A back-to-back session with ‘Why Are You OK’ – all 52 minutes of it – will leave you none the wiser about Bridwell’s tribulations. Partly, this could be down to Band of Horses’ particularly innocent sound. A luxury that many bands, especially those five albums deep, don’t possess. It offers a welcome insight to how the six-piece continue to operate, both as long-term friends and as bandmates. “As long as we get the right feeling down, there are no rules,” he says of the easy-going recording process that got the new release nailed down, and in turn created this particular feel. “We didn’t have to know the song at all… but once the material was good, we found ways to serve the song. After all, it didn’t have to be all of us in a room... because that’s an uncomfortable thing, as the last two albums were totally collaborative. We were all involved – all in – and it was nice to back to amateurism.”
“Just like any creative pursuit, you have doubts and indecisiveness.”
— Ben Bridwell
When it came to nailing that “right feeling”, there was a touch of sonical majesty that helped, in the form of Rick Rubin. “He played more of a mentoring role than a nuts-and-bolts kind of thing,” explains Bridwell about how Rubin touched on ‘Why Are You OK’. After all, it wasn’t their first encounter. Rubin had helped BOH to get signed onto Columbia Records and Sony during ‘Mirage Rock’’s release – and offered to help this time around by inviting Bridwell to his house.
However, it was towards the end of the album process where “the sonic magi”, as Bridwell refers to Rubin, had his most notable take. “We had songs, and it seemed to be an album, but I had more demos that were kicking around that deserved a good look at.” Rubin helped push those demos – specifically, ‘Whatever, Wherever’, ‘Dull Times/The Moon’ and ‘Hag’ – to the point where they became album leading tracks, rather than rough material that almost didn’t make the cut. “Just like any creative pursuit, you have doubts and indecisiveness, but he just helped me realise that [what was recorded] was good and that I needn’t be indecisive. People have different opinions, but if someone like Rick says, ‘Yes! That’s great!’, then I can go with conviction and recognise that they deserve a stab.”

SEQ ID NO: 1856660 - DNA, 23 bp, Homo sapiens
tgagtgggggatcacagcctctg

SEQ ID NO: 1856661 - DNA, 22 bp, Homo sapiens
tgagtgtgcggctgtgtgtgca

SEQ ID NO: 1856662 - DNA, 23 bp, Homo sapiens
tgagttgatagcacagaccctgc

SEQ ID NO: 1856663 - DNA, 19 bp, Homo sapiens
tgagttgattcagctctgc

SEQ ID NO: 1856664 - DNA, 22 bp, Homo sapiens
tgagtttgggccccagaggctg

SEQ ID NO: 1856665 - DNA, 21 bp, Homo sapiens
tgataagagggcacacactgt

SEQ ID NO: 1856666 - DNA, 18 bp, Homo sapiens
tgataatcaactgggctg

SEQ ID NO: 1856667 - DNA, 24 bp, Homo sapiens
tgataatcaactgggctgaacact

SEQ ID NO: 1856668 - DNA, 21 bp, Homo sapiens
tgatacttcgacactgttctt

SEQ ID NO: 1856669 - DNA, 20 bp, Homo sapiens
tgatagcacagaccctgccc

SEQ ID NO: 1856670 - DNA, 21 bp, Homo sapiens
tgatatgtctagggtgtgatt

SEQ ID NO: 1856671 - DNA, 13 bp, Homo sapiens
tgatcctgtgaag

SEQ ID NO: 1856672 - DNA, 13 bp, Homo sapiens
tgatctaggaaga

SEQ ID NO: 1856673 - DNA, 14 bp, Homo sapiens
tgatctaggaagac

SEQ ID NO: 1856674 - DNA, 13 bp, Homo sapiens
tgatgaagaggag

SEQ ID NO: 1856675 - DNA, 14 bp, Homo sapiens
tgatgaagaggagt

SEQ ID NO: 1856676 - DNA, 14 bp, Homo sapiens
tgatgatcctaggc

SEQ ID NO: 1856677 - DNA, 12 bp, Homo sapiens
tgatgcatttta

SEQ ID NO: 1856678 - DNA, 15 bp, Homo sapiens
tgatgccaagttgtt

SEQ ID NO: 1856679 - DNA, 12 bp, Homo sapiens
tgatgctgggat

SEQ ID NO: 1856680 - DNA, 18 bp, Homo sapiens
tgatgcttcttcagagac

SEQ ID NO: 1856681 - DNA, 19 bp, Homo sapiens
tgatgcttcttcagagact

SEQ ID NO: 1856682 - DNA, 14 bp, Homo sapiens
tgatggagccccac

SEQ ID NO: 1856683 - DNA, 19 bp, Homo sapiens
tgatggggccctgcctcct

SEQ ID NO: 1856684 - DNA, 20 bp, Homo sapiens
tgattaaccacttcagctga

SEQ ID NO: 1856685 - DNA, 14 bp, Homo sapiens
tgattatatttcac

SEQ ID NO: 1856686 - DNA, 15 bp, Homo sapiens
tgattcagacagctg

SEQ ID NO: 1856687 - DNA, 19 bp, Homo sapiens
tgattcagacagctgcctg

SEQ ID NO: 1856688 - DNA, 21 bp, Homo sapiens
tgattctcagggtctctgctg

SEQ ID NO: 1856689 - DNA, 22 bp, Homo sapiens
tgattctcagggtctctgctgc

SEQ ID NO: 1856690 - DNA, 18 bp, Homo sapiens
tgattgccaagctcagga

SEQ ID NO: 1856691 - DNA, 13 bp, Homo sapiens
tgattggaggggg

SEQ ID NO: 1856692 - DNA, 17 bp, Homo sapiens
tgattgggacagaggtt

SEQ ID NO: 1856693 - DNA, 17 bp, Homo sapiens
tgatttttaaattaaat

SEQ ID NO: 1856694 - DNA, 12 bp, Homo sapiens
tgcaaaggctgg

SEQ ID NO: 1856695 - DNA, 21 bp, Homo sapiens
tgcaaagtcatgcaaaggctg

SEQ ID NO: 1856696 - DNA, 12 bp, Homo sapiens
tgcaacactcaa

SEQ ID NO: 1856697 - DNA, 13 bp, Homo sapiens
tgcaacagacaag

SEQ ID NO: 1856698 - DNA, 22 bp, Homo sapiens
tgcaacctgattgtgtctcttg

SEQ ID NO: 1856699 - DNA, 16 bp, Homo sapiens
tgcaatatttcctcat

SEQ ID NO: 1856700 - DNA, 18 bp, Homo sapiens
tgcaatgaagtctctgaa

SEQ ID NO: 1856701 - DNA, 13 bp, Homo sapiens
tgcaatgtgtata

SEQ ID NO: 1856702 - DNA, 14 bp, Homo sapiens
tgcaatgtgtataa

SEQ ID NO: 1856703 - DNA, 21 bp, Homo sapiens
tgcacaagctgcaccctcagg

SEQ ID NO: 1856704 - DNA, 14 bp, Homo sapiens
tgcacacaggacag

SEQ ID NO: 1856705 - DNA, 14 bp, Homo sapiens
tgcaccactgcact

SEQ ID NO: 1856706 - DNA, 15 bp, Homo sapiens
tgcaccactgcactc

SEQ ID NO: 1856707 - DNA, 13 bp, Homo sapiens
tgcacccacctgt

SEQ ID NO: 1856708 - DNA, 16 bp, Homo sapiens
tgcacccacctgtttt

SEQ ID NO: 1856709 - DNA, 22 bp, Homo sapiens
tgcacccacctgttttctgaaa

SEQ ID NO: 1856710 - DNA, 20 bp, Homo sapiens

Of course, a path to releasing an album is never an easy one. Full of trials tribulations, self-doubt, creative constraints (and for Band of Horses, sometimes Rick Rubin), each album is a worthy piece of work in itself and should be celebrated as such. For BOH, however, this creative challenge continues to be routine for a band, that – even on the cusp of releasing a fifth studio album – prides itself on all things abnormal. Rubin was just a start and end note – “A crucial visit very early in the recording process”– for a release that will keep the six-piece grounded and crucially, still curious about their sound.
“I like not knowing anything about it, you know?” Bridwell says, talking about how BOH’s sound has steadily evolved up to this point. “I’m pleasantly surprised with all of it and I’m still flying blind.” Still, it’s a new way of doing things for them, and the future remains suitably bright. “I think we’re just getting started,” he finishes. “There are no rules now.”
Band Of Horses' new album 'Why Are You OK' is out now via Columbia.
Header photo credit: Andrew Stuart